Caring, compassion are the moral standards
FFRF awarded Violet $500 for her essay.
By Violet Richardson
I grew up in a household that could accurately be described as "godless." I was not educated by religious scholarship or kept in line with reminders of divine consequences. I was not set on a path of righteousness paved with bible stories nor was my sense of justice instilled on the basis of any god's will. As such, I do not believe that the moral code that I follow can be credited to God.
Instead, my understanding of right and wrong has been formed via the choice to practice empathy and compassion in my everyday life. When considering my own behavior, I imagine how it will affect the people around me rather than how it will be judged by God. I imagine the feelings of others based on how I would feel in their shoes. I do not need a cosmic middleman to tell me that I possess no right to make other people suffer.
Despite what I consider to be an inherent human trait, many people of faith do not believe that those outside of their religion, or any other religious following, have the ability to lead just and moral lives. Godlessness is associated with violence and chaos, which leads atheists and agnostics to be stereotyped as dangerous undesirables. Given humanity's long history of war and aggression committed by those among the ranks of believers, and frequently in the name of God, this assessment appears patently unfair.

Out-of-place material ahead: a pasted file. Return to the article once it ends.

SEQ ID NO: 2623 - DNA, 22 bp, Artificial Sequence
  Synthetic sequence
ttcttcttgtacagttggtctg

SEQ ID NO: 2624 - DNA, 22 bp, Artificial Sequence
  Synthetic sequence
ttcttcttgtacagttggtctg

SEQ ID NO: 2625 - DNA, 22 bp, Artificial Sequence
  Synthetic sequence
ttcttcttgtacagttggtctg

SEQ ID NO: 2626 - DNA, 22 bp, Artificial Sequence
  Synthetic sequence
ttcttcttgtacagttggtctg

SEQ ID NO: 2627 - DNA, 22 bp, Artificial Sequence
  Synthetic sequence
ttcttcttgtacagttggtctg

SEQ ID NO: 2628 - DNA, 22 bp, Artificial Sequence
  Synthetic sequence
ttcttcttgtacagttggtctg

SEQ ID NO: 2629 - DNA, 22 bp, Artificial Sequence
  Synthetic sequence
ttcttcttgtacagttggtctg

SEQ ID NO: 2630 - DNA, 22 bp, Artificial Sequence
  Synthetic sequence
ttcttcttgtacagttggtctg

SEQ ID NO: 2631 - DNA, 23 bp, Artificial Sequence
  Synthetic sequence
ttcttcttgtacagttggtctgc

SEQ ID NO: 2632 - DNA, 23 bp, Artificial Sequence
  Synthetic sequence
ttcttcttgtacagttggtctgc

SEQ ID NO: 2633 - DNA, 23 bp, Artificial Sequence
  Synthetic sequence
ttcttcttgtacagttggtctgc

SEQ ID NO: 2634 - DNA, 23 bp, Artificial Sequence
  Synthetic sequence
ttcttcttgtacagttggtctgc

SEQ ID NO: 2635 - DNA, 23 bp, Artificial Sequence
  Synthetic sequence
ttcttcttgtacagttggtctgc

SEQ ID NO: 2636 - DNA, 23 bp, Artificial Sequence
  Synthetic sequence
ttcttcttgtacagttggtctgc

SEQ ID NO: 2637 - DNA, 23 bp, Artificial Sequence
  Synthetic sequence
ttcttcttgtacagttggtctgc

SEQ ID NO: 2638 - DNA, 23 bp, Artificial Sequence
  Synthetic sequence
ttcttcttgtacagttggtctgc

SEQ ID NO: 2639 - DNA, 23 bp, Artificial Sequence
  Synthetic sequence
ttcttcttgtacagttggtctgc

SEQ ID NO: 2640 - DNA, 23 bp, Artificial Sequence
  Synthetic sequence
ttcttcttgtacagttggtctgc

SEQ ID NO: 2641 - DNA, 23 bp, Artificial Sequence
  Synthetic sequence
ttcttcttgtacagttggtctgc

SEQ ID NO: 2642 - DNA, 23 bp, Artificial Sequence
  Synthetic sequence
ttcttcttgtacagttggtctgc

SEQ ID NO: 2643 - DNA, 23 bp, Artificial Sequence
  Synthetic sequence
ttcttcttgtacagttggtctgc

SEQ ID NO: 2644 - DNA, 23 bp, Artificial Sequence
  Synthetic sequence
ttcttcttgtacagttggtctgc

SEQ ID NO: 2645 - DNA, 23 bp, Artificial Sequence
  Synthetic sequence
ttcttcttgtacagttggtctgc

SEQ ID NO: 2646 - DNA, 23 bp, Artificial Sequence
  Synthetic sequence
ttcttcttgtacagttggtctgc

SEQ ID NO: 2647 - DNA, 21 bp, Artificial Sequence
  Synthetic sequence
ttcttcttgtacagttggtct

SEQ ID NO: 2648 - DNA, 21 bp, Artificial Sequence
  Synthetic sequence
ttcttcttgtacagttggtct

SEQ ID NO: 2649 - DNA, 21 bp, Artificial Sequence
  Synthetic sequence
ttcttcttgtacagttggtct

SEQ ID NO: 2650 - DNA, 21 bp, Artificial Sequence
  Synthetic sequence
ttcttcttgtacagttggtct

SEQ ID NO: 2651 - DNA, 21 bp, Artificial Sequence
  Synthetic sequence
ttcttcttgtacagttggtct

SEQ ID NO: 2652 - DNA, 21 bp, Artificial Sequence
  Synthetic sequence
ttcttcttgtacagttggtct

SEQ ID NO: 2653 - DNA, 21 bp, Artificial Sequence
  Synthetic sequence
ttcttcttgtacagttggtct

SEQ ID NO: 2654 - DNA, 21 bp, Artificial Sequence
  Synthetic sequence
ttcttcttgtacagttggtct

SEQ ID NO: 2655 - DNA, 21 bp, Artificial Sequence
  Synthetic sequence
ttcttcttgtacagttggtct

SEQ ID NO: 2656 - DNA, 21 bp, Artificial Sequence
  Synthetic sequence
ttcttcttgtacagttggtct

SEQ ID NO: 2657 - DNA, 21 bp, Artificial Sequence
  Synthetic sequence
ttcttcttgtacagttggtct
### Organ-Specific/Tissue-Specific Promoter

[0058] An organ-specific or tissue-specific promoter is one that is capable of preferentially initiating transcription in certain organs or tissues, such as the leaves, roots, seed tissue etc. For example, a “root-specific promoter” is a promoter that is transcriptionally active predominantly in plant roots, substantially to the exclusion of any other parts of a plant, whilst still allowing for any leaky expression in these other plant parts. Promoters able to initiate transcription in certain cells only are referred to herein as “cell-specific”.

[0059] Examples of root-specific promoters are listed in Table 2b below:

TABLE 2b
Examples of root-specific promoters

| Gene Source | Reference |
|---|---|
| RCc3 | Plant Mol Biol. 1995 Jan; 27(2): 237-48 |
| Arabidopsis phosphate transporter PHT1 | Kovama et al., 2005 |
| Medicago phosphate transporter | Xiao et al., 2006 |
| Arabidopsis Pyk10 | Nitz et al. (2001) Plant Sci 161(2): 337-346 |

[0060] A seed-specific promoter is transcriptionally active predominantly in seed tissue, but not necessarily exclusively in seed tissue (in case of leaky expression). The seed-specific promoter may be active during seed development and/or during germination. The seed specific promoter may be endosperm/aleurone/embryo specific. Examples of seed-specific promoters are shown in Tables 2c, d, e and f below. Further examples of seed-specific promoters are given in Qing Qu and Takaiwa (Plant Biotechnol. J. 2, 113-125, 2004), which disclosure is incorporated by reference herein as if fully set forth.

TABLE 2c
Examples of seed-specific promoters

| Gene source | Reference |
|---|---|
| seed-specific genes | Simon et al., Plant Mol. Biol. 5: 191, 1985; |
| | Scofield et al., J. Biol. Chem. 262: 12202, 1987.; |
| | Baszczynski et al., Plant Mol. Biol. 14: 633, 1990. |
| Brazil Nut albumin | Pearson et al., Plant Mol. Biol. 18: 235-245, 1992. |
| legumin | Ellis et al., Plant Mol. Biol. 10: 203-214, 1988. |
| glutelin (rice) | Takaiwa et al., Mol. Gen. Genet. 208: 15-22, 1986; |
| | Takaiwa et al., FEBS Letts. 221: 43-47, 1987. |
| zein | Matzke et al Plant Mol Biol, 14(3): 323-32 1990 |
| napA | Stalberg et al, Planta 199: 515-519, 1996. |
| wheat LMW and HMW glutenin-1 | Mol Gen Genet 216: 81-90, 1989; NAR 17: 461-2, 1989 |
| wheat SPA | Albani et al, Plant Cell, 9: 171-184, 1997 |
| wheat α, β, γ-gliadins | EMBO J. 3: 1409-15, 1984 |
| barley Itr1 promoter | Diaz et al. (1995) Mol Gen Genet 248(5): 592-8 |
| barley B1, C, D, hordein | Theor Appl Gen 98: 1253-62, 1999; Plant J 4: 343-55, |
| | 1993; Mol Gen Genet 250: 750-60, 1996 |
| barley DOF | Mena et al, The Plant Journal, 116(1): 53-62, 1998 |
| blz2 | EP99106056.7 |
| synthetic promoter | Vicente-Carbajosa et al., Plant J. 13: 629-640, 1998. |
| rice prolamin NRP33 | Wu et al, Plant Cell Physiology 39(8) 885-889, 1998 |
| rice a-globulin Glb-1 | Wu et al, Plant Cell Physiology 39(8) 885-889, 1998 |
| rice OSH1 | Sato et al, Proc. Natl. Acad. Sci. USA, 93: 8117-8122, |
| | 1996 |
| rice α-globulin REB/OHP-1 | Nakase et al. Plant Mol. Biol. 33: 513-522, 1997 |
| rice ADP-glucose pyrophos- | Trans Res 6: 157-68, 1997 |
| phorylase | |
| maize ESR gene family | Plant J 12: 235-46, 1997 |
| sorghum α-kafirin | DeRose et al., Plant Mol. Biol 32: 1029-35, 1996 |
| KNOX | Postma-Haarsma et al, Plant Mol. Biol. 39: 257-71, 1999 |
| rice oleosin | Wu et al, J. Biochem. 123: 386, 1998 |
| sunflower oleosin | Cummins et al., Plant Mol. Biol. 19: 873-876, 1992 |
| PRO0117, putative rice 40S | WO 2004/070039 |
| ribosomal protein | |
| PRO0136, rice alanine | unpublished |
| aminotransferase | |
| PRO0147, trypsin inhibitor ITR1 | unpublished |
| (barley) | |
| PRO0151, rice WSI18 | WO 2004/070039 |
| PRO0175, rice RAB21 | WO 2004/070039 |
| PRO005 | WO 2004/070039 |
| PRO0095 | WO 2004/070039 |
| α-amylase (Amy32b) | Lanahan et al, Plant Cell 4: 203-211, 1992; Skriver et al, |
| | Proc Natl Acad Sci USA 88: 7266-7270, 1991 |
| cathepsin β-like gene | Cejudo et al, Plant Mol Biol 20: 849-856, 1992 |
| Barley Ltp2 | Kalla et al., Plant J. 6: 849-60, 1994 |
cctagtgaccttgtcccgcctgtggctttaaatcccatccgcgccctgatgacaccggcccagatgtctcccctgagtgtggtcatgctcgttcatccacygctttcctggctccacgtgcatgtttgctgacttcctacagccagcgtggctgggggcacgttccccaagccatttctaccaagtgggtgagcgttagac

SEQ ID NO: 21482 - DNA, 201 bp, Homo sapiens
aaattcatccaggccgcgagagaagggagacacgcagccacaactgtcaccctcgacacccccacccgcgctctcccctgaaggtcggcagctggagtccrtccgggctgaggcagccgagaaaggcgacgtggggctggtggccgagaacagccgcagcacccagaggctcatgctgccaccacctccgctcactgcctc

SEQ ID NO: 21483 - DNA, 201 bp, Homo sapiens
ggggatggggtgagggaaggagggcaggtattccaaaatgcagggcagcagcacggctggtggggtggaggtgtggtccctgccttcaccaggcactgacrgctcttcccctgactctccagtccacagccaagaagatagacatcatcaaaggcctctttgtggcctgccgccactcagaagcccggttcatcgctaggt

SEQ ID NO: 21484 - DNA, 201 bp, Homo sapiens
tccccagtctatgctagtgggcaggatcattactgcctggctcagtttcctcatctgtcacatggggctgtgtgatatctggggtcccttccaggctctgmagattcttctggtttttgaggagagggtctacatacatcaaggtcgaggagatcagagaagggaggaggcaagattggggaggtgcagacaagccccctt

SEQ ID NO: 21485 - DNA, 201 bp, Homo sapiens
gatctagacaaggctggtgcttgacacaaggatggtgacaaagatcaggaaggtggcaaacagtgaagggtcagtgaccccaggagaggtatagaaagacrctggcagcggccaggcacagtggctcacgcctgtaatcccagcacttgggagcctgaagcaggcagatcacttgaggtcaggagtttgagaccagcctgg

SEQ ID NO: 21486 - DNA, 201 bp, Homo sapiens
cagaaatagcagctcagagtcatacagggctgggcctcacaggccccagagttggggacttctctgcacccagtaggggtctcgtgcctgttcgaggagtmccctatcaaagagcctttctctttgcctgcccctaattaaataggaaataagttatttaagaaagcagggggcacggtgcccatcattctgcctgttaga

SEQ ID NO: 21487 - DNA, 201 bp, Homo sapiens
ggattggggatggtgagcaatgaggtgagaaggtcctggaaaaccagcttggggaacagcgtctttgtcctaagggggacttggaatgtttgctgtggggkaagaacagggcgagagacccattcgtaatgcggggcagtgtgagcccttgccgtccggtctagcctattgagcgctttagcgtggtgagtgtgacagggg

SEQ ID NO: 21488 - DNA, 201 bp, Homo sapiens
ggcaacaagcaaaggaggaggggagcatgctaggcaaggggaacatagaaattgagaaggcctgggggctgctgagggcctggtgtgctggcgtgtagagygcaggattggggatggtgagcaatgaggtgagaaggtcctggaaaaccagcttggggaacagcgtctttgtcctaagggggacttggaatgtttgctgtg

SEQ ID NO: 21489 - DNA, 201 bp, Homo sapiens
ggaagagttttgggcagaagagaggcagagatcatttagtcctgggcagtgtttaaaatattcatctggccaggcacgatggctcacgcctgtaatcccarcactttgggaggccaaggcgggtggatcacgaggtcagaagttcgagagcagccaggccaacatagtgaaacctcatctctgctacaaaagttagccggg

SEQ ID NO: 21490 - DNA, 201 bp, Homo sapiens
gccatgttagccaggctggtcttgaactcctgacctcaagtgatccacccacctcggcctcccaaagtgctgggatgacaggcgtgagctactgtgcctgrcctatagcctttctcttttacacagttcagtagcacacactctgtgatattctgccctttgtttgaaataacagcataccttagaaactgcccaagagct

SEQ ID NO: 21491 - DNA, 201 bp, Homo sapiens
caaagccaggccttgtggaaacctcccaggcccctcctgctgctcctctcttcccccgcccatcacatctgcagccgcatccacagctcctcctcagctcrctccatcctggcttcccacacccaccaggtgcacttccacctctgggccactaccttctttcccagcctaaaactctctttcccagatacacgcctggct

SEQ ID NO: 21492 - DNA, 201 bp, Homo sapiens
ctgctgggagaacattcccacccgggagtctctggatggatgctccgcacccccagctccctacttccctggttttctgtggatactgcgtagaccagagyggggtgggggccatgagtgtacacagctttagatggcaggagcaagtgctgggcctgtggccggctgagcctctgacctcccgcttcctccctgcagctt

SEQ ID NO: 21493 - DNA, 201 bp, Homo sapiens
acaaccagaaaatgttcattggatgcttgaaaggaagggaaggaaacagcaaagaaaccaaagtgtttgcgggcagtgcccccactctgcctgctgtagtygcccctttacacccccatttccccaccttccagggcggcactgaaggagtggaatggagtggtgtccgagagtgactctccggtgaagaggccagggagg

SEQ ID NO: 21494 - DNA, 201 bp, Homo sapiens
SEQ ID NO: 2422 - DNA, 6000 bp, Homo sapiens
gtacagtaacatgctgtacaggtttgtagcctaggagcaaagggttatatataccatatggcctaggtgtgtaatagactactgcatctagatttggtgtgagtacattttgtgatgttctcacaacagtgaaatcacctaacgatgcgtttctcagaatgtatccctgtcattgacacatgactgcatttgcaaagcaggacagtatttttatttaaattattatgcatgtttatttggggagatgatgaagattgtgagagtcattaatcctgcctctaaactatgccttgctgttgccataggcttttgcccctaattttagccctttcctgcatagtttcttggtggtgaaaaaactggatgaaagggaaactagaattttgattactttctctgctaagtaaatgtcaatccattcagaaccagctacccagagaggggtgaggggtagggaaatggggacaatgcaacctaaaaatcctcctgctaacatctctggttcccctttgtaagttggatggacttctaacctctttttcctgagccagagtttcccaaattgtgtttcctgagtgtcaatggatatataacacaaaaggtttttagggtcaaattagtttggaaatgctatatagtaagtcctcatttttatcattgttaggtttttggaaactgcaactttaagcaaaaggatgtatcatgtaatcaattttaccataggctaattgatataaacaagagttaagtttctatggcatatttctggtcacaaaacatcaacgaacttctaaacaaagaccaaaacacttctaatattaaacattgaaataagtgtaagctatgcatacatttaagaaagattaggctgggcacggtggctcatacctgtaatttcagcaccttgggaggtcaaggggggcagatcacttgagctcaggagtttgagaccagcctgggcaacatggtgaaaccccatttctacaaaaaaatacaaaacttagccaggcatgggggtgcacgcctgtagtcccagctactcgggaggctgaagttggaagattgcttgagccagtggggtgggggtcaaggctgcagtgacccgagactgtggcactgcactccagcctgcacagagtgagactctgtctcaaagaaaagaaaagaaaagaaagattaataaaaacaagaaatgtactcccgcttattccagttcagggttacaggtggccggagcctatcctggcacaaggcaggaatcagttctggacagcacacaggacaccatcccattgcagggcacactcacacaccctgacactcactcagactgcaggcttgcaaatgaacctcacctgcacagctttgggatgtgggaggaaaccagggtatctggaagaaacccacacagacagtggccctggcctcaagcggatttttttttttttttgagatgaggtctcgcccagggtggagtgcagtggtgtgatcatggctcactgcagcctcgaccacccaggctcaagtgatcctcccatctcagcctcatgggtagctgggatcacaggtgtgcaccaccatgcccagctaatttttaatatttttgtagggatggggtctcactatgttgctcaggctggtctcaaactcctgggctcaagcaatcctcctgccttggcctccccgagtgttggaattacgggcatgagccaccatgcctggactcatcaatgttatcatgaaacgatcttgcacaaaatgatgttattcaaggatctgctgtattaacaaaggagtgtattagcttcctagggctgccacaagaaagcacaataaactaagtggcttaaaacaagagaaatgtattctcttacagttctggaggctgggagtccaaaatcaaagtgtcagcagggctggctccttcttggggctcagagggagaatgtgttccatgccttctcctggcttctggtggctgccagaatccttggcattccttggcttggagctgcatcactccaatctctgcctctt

Conflating piousness with morality is far more dangerous than the choice to live a life without religion. To do so allows for the justification of wrongdoing by those who claim to act in line with the word of their god. To do so opens the door for preemptive persecution of anyone deemed a nonbeliever, whether that is how they identify themselves or not.
Personally, I do not consider myself a believer. I do not discount the possibility that a higher power may exist, but if so, that truth has failed to reveal itself to me. Though I sometimes long for the comfort of believing that everything happens for a reason, that I am watched over by a kind, all-knowing being, and that I am destined for an eternity of happiness in the afterlife, I have yet to be convinced.
Regardless of whether we possess immortal souls, each of us is given the opportunity to make the best of our finite time as the people that we are. Instead of viewing this reality through a negative and nihilistic lens, I and many others take this to mean that we are all responsible for making our time and the time of those we live with as positive as possible. In recognizing that our own life is finite, we can recognize that the same is true for every other living creature and that they all deserve to experience the same happiness and security that we want in our own lives.
If we are to live but once, we should do so in a loving and generous way. Choosing a life of positivity, of caring for your community as you care for yourself, is the best way to not only dispel the negative stereotypes surrounding "godlessness," but it is also the best way to set an example for anyone who wants to live their lives in a moral way. My morals do not come from God, they come from understanding this fact.
Violet, 22, is from Madison, Wis., and attends the University of Wisconsin, majoring in international studies and political science. She is currently spending a semester abroad in France. She hopes to attend law school to become a lawyer to help people who are vulnerable and disadvantaged.